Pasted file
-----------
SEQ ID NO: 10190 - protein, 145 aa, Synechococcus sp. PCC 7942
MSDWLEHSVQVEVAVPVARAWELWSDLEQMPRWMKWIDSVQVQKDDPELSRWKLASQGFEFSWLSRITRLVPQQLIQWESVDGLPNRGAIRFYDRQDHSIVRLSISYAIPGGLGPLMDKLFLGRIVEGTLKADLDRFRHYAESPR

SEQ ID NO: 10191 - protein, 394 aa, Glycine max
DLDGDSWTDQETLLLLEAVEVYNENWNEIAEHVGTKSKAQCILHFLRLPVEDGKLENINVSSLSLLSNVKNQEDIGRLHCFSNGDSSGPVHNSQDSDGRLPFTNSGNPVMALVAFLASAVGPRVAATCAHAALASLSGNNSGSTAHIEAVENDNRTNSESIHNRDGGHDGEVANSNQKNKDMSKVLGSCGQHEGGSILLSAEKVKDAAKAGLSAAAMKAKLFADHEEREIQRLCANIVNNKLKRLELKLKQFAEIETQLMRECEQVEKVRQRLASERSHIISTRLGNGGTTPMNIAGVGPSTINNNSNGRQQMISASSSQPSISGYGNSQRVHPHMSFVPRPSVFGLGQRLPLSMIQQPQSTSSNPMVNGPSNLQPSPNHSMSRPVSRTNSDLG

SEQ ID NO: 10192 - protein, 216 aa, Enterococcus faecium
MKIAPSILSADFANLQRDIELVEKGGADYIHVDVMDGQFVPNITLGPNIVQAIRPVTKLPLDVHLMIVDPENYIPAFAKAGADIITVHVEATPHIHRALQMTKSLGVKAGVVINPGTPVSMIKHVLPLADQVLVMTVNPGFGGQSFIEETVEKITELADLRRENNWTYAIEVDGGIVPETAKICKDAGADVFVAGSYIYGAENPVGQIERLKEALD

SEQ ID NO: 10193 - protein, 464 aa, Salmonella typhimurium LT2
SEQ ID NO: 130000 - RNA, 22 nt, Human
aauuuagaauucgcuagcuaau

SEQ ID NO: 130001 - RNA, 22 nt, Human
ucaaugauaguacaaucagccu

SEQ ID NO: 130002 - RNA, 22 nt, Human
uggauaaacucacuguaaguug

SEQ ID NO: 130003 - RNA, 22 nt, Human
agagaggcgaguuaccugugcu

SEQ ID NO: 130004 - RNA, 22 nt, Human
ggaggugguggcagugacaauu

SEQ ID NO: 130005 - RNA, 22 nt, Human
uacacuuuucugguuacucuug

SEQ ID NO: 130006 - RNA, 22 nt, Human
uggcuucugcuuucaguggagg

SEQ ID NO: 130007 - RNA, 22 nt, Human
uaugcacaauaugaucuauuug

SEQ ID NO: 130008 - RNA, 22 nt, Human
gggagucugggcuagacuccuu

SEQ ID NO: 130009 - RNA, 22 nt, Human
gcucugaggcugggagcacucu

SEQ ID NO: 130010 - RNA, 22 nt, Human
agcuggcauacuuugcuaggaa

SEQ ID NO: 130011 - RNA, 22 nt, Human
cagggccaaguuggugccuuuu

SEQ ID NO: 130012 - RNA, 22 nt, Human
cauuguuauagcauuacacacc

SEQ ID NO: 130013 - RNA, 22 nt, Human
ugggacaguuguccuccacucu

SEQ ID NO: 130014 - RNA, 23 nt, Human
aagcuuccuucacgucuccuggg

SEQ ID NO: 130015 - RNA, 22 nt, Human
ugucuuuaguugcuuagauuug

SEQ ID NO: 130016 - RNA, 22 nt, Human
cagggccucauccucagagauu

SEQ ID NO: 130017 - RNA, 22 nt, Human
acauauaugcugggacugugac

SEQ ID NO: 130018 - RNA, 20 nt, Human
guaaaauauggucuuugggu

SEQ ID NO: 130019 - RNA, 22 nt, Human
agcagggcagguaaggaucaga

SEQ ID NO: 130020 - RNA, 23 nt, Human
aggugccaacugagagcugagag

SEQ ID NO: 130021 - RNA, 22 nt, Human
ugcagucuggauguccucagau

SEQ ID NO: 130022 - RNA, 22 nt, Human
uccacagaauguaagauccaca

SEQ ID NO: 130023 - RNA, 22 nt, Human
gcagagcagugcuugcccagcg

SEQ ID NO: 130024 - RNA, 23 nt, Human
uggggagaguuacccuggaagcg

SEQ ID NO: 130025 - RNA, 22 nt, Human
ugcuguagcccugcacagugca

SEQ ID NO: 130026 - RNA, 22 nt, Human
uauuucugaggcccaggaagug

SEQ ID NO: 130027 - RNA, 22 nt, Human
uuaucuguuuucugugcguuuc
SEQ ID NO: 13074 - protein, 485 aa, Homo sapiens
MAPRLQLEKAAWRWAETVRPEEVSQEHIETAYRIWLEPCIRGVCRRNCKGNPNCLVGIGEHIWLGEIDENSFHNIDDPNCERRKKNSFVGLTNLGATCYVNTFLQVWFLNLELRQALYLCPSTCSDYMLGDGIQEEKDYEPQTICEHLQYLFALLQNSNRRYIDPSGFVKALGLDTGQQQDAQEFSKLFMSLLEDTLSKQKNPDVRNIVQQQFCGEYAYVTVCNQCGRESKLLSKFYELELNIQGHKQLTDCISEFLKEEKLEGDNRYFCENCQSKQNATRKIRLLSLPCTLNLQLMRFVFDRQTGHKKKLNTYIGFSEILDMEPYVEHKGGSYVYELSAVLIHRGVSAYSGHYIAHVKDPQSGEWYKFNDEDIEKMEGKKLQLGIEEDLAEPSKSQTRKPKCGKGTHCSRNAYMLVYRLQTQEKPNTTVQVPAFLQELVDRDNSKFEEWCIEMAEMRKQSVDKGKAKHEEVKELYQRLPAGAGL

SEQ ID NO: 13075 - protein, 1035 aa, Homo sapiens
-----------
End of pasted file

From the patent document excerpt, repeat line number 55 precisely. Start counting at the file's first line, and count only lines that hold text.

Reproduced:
gcagagcagugcuugcccagcg